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The interplay of literature and physics that led to acceptance of the theory of relativity

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Copyright © 2001, University of Michigan. All rights reserved. Posted December 2001.

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Description

This book follows the interplay between allegory and physics in Europe from the inception of the laws of thermodynamics in the 1850s to the cultural acceptance of the theory of relativity in the 1920s. Bruce Clarke delves into the cultural poetics of this emergence, as well as using allegory theory to link the literature of that era to the consolidation of modern physics in England. In his examination of these correlating topics the author displays not only an impressive grasp on the scientific climate of that era, but also comprehensive knowledge of late nineteenth- and early twentieth-century literature.
The book begins with an overview of the interconnections between allegory in literature and allegory in science, then analyzes the interaction between energy and entropy and their personification in the literature of the times. Energy Forms draws on the writing of well-known literary and scientific authors including H. G. Wells, Camille Flammarion, Charles Howard Hinton and D. H. Lawrence, among others. The focus then shifts to the broad cultural tension between thermodynamic malaise and electromagnetic aspiration. Energy Forms uncovers the works of important but overlooked authors in the fields of science and literature and will appeal especially to those who are intrigued by interdisciplinary studies.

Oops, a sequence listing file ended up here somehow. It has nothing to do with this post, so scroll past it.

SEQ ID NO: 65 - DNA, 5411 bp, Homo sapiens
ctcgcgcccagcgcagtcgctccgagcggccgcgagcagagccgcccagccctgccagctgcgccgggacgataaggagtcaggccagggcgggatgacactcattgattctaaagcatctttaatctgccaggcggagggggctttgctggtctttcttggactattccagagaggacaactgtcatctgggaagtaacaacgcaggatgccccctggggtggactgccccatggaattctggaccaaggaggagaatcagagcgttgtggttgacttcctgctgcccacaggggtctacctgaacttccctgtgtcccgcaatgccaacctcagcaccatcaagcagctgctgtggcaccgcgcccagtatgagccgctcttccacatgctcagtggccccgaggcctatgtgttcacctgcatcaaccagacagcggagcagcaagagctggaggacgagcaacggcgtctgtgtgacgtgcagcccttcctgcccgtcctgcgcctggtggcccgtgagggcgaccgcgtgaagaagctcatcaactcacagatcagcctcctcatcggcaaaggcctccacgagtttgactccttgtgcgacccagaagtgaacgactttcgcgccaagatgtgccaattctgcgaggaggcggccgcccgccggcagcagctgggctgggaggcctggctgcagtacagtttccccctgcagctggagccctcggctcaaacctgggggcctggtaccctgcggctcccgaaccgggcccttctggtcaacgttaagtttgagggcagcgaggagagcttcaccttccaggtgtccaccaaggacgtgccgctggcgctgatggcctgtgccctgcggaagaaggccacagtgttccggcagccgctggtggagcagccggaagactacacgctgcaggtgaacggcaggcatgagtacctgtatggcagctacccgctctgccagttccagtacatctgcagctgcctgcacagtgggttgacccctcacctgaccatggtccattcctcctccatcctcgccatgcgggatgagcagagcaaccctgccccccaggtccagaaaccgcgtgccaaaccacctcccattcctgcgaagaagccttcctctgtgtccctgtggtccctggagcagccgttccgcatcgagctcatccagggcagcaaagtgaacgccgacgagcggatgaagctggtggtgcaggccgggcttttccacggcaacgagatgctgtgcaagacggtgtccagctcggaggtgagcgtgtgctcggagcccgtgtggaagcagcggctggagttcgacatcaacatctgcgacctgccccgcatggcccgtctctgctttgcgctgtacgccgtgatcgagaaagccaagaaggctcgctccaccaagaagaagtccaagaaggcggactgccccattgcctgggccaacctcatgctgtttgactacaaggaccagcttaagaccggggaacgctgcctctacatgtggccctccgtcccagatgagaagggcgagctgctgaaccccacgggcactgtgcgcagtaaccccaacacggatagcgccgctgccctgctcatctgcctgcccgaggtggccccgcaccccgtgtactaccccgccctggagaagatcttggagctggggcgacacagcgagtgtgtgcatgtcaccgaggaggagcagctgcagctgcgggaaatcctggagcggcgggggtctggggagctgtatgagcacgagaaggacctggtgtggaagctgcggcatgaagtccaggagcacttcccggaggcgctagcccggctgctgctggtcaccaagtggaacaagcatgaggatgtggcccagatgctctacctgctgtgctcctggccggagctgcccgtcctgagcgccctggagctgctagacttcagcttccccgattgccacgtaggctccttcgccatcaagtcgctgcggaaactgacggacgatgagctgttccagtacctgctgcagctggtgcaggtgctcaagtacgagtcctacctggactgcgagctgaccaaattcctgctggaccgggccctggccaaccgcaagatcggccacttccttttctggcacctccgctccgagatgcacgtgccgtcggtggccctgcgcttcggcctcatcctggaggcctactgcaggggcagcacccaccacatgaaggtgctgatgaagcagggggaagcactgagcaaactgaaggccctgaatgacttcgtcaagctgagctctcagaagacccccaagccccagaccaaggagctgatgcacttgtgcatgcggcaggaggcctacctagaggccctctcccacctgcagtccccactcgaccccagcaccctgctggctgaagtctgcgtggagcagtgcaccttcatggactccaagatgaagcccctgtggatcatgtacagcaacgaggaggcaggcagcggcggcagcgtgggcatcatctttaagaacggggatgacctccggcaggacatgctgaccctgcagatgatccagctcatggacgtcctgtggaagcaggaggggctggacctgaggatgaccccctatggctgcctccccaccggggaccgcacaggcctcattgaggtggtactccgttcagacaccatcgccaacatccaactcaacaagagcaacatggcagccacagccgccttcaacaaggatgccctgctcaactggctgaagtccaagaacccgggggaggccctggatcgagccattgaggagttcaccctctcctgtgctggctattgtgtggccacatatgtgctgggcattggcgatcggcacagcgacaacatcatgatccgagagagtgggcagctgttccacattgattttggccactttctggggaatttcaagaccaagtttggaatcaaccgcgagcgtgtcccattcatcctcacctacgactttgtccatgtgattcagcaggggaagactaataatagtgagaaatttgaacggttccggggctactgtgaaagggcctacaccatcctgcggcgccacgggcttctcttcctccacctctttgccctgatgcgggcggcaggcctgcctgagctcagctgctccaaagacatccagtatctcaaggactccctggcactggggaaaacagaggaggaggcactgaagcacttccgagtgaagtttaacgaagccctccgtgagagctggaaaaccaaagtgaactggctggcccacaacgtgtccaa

Bruce Clarke is Professor of English,Texas Tech University. He is the author of Dora Marsden and Early Modernism: Gender, Individualism, Science; Allegories of Writing: The Subject of Metamorphosis; and editor of The Body and the Text: Comparative Essays in Literature and Medicine.